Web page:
Monday, May 7th, 2007

“Why Web 2.0 is leading back to full cataloging”

Interesting post on LibraryJuice on “Why Web 2.0 is leading back to full cataloging” covering LibraryThingThing and

The quick summary–okay, the first sentence and the last!–is:

“We often think of Web 2.0 sites in terms of the idea of “tagging instead of cataloging.” … Free-form tagging has its place, but where consistency and accuracy counts, as it does in many Web 2.0 sites, I think reliance on users will turn out to have been a dead-end, and there will be a new appreciation for our professionalism.”

I agree with the idea that Web 2.0 can—indeed, in LibraryThing, has!—lead to a new appreciation of library data, libraries, librarians and catalogers. It might help, however, if more libraries (and particularly OCLC) released their data, and in friendly formats, not MARC. (It’s hard to appreciate something you don’t know about and can’t use.) But I strongly disagree that there’s a real tension between the two—that tags are the enemy of subjects, for example. But it’s certainly food for thought.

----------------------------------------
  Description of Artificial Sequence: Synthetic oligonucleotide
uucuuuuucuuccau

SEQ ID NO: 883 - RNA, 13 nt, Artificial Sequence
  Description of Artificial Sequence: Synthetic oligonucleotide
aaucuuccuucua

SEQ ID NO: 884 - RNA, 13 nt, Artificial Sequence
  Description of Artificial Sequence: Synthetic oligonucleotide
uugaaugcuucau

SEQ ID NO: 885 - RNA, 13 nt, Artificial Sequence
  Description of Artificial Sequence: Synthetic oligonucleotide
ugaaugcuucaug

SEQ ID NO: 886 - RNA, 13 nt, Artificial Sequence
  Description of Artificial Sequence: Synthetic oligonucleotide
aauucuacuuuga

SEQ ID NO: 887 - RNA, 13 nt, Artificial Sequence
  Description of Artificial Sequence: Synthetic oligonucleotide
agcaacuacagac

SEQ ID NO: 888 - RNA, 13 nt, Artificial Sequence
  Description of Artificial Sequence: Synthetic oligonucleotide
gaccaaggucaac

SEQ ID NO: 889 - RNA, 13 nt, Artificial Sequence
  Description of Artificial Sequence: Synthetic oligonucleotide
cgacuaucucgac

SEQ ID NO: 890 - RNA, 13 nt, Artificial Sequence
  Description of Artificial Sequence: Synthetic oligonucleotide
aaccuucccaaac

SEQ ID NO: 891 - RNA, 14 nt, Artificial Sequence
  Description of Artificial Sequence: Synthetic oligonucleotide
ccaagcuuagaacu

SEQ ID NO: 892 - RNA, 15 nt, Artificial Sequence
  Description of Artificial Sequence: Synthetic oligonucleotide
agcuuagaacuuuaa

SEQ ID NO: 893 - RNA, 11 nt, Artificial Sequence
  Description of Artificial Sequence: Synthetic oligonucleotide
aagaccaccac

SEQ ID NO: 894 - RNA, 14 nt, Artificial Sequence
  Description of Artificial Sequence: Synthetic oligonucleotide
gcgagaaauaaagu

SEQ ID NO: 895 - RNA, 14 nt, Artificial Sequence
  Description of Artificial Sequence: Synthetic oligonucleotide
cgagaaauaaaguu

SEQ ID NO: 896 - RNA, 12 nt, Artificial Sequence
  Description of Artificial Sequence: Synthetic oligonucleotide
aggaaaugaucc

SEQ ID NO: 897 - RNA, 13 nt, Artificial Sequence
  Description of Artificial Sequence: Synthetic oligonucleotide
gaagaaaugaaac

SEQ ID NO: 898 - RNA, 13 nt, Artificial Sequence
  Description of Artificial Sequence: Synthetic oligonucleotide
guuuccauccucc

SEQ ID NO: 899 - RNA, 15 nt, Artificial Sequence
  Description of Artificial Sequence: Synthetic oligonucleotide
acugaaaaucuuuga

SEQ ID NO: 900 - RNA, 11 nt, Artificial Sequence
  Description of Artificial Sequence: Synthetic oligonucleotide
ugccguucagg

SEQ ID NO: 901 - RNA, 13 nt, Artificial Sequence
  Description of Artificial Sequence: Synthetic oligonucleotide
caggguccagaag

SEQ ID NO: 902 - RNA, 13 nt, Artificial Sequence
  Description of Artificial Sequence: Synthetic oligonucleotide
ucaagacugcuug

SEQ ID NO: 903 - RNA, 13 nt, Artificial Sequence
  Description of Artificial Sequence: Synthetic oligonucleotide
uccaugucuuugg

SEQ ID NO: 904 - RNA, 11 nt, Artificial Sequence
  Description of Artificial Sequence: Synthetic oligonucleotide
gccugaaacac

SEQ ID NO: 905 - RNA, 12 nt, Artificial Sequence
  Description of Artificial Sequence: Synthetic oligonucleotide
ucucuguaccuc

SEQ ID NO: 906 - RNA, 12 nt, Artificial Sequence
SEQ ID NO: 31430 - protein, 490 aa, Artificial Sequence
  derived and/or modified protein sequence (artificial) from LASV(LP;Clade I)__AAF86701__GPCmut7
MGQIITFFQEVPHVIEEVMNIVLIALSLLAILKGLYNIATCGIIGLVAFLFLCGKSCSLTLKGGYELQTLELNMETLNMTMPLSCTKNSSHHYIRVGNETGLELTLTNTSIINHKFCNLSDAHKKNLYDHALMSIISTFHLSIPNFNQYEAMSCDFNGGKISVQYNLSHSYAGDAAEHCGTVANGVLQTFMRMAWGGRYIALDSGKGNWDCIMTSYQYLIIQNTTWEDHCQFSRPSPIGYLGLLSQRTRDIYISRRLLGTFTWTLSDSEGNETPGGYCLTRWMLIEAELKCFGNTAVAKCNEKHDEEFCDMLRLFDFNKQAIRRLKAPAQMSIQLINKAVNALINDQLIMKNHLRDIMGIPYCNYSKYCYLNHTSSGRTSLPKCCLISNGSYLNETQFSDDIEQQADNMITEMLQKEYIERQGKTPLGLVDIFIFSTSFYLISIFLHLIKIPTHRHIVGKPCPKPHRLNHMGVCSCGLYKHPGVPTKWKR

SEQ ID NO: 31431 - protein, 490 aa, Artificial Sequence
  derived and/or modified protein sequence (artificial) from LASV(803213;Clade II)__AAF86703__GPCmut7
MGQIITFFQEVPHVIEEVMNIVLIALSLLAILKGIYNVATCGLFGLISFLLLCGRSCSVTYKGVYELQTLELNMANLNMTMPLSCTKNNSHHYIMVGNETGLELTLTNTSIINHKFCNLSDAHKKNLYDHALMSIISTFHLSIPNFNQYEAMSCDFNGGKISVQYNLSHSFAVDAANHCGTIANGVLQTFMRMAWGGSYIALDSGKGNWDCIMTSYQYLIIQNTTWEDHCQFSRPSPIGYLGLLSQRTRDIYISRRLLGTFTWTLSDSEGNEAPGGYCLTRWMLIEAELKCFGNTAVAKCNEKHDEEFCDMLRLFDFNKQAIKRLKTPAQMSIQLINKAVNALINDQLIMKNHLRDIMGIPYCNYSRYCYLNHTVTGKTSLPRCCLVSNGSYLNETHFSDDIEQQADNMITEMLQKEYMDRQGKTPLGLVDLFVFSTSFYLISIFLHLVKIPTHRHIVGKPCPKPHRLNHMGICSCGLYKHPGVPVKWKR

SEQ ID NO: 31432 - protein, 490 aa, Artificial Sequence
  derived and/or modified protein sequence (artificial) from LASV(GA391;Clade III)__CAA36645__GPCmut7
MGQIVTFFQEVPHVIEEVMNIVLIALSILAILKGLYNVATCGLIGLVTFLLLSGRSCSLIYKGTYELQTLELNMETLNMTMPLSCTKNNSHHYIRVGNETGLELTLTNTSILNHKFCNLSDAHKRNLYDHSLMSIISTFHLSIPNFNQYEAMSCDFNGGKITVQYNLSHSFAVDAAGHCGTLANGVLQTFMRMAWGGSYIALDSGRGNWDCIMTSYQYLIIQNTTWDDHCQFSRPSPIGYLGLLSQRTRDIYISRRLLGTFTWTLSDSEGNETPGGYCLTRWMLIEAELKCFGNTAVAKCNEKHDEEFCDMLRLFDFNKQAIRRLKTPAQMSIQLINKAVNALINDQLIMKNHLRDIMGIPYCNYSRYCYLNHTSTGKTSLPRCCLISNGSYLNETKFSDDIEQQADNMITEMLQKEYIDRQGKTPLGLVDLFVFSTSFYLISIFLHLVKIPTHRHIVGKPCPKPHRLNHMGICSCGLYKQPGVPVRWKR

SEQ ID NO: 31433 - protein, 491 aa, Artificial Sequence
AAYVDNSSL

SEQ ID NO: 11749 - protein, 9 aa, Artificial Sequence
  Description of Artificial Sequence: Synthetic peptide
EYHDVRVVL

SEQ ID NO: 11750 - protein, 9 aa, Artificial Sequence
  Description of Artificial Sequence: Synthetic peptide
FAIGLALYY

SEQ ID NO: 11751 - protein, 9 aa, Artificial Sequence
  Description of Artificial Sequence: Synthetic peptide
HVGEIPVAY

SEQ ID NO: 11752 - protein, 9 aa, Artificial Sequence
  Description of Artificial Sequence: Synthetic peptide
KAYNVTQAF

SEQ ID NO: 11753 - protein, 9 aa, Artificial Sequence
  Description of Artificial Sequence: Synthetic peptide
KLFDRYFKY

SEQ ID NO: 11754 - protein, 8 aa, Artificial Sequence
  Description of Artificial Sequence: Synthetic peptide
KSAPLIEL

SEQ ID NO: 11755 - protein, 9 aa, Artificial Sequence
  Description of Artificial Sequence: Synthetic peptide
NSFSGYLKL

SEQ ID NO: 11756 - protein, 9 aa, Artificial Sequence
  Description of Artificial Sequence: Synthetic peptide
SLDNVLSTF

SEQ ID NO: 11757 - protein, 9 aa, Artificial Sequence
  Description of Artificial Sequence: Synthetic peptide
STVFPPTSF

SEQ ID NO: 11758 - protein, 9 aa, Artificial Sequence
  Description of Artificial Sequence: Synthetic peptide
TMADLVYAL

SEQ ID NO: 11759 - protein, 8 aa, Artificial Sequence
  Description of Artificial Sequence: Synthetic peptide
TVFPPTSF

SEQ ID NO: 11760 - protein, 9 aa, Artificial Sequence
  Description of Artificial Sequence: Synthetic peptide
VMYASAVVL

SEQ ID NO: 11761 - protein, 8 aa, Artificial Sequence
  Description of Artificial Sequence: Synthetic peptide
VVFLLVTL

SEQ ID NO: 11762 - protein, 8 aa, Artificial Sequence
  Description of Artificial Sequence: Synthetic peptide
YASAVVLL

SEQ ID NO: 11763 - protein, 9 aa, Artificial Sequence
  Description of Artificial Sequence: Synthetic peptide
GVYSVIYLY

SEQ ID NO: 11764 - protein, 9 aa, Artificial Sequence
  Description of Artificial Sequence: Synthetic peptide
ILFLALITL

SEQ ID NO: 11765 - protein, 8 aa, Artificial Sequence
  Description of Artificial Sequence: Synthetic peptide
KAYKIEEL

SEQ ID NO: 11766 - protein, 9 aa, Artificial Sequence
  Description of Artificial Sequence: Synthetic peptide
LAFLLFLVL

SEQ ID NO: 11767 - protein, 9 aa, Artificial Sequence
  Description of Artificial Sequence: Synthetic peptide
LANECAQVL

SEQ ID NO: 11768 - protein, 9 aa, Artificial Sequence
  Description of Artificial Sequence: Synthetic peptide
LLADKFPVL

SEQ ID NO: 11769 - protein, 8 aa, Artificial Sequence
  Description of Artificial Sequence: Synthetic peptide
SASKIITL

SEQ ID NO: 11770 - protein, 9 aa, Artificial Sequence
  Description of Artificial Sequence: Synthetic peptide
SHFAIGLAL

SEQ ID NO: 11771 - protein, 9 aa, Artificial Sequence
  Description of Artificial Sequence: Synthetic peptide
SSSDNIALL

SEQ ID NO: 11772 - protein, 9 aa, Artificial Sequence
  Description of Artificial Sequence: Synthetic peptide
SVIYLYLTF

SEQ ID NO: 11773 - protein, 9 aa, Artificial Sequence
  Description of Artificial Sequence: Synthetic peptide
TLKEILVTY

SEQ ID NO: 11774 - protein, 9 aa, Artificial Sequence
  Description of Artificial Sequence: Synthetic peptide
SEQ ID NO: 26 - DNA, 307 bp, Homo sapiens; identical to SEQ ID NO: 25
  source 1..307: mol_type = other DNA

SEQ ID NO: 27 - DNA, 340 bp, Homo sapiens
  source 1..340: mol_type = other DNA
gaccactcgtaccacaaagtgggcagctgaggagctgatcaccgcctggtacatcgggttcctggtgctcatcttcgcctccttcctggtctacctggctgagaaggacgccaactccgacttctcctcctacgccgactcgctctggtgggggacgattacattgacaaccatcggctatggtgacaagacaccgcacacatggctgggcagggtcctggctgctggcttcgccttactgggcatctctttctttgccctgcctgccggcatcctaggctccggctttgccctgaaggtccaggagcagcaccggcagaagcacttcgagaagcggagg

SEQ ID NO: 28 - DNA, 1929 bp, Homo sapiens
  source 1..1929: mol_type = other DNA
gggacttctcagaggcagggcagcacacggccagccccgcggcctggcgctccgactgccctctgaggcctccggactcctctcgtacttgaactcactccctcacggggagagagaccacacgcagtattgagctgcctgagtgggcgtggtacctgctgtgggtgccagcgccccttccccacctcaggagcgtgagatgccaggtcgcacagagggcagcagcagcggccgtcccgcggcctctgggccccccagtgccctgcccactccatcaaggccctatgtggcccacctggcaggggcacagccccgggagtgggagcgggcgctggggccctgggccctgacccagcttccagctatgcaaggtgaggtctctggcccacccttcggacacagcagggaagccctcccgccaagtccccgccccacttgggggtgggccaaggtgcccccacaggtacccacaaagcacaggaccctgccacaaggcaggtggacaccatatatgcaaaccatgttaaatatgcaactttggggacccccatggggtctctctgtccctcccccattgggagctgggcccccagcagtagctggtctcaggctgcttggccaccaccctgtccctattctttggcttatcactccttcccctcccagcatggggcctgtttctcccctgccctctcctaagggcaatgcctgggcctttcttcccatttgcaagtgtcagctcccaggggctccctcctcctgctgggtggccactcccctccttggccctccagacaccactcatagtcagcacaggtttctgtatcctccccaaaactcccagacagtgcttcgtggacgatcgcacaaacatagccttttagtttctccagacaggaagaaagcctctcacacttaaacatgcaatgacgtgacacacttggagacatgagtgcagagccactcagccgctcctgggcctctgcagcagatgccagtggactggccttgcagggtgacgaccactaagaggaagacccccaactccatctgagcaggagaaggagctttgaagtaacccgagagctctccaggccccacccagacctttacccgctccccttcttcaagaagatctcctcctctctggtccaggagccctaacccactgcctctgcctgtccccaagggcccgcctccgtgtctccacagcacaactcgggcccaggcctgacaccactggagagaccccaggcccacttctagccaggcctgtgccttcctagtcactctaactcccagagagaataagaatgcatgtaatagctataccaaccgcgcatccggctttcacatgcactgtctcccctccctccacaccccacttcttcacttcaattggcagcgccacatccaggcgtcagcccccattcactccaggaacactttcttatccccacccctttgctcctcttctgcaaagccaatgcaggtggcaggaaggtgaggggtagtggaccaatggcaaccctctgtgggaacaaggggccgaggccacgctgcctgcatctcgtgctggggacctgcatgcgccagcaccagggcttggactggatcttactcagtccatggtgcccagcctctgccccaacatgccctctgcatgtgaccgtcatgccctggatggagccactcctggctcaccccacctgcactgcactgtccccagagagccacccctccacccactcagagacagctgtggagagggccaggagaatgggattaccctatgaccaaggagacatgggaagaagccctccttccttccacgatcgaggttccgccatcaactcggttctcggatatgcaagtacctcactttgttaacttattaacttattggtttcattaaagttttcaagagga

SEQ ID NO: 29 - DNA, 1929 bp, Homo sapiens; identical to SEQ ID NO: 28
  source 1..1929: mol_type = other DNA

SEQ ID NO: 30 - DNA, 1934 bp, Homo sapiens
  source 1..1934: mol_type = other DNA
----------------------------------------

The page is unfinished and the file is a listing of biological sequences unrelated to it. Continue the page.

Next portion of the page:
If the blogger reads this, how about spending some more time on LibraryThing? Some of LibraryThing’s social cataloging features were mentioned, but then not brought into the argument. For example, other librarians have noticed that LibraryThing’s work-disambiguation data was of very high quality, and a number of libraries are already using it. That data is member-created, but built on library data. Maybe that’s the future–a constructive collaboration and mutual respect between professionals and amateurs.

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